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All US Border Crossings Now Require A 'Terrorist Risk Profile'

Zonk posted more than 6 years ago | from the just-wow dept.

United States 710

conlaw writes with a somewhat intimidating Washington Post article. "The federal government disclosed details yesterday of a border-security program to screen all people who enter and leave the United States, create a terrorism risk profile of each individual and retain that information for up to 40 years ... The risk assessment is created by analysts at the National Targeting Center, a high-tech facility opened in November 2001 and now run by Customs and Border Protection. In a round-the-clock operation, targeters match names against terrorist watch lists and a host of other data to determine whether a person's background or behavior indicates a terrorist threat, a risk to border security or the potential for illegal activity. They also assess cargo."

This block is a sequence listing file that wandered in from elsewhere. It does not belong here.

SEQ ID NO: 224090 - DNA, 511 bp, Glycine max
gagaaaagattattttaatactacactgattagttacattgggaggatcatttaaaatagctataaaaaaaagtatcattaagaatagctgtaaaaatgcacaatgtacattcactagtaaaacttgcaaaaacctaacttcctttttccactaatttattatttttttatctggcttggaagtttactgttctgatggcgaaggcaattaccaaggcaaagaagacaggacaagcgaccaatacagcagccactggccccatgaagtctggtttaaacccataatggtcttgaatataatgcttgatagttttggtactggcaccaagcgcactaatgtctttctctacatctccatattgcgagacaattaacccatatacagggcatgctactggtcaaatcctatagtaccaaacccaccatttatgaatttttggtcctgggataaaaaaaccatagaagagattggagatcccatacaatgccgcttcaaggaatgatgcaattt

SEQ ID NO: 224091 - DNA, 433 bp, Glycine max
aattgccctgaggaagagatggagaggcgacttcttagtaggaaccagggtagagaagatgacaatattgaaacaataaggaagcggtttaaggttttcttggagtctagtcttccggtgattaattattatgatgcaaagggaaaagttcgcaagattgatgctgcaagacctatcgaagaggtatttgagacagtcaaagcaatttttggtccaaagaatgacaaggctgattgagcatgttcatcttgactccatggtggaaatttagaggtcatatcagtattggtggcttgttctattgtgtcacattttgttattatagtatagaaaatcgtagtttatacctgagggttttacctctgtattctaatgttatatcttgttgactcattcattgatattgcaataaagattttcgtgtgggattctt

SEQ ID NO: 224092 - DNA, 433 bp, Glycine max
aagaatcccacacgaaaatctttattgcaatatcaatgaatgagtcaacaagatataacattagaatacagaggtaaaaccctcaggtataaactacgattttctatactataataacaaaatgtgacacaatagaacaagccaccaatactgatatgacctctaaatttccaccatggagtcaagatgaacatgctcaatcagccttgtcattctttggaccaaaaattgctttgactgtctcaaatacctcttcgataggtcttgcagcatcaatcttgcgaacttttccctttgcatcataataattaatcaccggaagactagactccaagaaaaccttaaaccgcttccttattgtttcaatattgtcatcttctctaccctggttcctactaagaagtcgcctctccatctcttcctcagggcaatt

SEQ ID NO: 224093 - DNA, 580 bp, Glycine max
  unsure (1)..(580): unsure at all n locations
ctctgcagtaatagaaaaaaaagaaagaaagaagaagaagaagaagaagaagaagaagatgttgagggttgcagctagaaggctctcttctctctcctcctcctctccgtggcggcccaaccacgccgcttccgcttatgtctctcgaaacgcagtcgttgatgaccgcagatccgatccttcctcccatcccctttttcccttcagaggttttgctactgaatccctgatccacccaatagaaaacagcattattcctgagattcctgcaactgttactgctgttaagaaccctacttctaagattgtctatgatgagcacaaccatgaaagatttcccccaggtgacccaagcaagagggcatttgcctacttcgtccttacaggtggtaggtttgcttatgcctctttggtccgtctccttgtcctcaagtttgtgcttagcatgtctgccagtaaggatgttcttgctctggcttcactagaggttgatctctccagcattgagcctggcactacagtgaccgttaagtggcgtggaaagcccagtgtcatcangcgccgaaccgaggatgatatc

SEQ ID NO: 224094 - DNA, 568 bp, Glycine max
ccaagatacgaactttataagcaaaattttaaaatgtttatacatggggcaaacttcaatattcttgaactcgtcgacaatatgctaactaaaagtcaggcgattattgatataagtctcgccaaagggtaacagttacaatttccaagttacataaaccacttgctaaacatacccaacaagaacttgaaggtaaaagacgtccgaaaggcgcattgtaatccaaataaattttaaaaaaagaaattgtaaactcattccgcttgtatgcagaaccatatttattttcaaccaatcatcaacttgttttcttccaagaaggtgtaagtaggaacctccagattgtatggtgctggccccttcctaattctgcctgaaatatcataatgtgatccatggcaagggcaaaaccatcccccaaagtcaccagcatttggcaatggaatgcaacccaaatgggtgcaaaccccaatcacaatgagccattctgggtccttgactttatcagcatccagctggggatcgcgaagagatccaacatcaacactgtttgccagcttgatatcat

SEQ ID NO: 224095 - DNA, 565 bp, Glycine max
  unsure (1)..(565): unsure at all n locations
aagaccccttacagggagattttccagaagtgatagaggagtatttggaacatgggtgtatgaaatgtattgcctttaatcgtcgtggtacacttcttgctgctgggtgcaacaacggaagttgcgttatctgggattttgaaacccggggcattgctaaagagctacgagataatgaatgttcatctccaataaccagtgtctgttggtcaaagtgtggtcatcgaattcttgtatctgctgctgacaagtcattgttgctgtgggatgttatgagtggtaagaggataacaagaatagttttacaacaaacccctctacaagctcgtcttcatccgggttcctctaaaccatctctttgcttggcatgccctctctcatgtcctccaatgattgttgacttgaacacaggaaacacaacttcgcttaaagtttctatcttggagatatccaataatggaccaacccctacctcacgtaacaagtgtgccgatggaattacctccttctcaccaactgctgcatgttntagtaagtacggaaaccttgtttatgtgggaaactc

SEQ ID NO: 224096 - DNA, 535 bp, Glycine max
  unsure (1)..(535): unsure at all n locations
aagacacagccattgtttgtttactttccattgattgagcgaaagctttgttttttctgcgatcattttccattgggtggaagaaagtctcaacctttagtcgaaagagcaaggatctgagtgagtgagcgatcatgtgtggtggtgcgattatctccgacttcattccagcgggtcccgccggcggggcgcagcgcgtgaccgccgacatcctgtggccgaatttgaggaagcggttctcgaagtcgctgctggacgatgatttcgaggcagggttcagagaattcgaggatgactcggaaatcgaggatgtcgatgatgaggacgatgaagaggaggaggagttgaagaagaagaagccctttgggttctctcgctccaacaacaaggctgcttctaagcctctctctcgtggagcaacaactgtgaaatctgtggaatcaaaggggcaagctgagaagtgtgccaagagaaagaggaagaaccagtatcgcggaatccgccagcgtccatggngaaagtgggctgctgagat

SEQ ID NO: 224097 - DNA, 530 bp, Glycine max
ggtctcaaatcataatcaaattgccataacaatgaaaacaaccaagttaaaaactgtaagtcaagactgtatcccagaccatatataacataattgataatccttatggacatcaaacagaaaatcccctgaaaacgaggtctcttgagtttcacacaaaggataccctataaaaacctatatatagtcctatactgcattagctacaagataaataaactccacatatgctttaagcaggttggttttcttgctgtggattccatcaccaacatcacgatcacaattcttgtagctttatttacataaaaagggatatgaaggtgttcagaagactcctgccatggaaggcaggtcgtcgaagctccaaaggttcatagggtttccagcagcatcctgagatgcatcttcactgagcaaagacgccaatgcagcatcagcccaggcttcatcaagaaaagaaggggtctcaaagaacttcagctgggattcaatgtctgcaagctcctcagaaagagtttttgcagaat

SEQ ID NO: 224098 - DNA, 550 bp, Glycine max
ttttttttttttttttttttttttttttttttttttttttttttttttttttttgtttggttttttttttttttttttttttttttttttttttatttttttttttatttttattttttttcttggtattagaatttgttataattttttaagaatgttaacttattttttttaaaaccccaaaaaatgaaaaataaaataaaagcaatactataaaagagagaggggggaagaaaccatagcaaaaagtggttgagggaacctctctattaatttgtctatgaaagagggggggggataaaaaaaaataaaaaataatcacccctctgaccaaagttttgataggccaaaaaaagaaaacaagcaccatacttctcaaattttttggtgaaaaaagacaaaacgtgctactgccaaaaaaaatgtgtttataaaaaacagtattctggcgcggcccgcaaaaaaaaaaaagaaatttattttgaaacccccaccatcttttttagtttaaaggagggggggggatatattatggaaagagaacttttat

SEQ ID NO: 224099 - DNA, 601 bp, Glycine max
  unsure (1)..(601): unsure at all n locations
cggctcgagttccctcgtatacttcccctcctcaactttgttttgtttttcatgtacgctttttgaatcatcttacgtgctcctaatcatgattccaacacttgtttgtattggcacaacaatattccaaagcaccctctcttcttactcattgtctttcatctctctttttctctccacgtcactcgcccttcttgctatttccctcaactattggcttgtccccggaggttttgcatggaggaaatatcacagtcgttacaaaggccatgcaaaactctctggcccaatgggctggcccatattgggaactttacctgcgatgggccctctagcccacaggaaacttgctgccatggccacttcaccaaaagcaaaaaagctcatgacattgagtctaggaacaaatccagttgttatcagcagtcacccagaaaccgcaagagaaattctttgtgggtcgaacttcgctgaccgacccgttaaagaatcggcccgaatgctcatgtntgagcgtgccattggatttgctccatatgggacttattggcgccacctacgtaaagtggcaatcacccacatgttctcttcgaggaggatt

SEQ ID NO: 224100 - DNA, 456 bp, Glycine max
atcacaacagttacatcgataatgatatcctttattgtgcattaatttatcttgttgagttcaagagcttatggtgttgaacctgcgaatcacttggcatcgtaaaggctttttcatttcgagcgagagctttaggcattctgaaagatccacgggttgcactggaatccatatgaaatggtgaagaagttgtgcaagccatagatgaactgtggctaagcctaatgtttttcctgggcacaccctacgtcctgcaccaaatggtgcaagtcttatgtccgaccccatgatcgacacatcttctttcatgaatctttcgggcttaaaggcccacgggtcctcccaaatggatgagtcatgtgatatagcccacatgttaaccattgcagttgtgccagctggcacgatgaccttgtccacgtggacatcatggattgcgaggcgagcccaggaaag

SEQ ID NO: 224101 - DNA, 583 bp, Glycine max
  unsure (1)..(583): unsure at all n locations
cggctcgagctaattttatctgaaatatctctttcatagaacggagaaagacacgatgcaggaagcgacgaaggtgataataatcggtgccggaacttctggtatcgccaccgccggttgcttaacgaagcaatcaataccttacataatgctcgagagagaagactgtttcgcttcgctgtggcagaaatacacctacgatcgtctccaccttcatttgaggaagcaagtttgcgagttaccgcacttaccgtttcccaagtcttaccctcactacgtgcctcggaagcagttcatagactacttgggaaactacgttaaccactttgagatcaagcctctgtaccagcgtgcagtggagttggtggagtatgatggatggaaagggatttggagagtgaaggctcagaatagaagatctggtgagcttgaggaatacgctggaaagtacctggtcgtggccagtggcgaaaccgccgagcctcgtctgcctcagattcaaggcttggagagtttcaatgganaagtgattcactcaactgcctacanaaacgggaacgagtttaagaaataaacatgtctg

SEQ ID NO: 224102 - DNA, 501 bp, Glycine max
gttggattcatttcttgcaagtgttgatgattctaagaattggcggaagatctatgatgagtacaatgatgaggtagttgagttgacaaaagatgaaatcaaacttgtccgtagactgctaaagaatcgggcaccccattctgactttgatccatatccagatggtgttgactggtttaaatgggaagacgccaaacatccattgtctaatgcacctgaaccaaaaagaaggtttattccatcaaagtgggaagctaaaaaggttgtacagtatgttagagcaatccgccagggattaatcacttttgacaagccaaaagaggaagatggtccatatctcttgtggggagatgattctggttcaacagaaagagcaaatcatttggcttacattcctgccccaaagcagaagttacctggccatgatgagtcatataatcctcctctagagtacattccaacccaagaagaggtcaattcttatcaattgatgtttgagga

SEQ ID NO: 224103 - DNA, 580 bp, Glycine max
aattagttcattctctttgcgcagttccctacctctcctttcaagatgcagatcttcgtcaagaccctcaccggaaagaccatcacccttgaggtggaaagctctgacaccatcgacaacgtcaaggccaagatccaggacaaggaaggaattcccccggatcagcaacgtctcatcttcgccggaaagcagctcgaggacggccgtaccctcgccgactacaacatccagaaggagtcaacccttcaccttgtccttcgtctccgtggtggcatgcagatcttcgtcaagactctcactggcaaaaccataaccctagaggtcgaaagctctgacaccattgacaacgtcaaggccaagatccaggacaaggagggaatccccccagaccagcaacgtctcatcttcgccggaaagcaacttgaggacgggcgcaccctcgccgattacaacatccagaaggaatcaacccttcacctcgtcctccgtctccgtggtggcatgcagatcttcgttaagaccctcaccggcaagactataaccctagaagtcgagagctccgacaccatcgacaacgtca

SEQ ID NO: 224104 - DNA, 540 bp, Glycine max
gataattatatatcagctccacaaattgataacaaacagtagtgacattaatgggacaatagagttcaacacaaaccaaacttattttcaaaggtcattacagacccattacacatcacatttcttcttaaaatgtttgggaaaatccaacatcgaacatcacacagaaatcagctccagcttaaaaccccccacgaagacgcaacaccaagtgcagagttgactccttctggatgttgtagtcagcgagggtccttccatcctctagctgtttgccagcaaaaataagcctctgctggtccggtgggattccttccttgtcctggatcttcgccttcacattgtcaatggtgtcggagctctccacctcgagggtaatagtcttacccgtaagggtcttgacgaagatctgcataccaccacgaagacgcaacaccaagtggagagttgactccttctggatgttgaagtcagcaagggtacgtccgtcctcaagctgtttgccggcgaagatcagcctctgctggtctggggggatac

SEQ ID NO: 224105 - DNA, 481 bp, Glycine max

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plenty of people come in that way, too (2, Insightful)

User 956 (568564) | more than 6 years ago | (#21555955)

All US Border Crossings Now Require A 'Terrorist Risk Profile'

Not if you leave the right way. If you know what I mean.

Re:plenty of people come in that way, too (5, Insightful)

Anonymous Coward | more than 6 years ago | (#21555967)

Agreed, I mean we have how many hundreds of thousands who make it across the mexican border every year? The Canadian border is even worse security wise too.

This really only hurts the law abiding.

Re:plenty of people come in that way, too (1, Insightful)

wasted (94866) | more than 6 years ago | (#21556035)

Agreed, I mean we have how many hundreds of thousands who make it across the mexican border every year? The Canadian border is even worse security wise too.

This really only hurts the law abiding. (my emphasis)


Sort of like U.S. gun control laws.

Re:plenty of people come in that way, too (5, Insightful)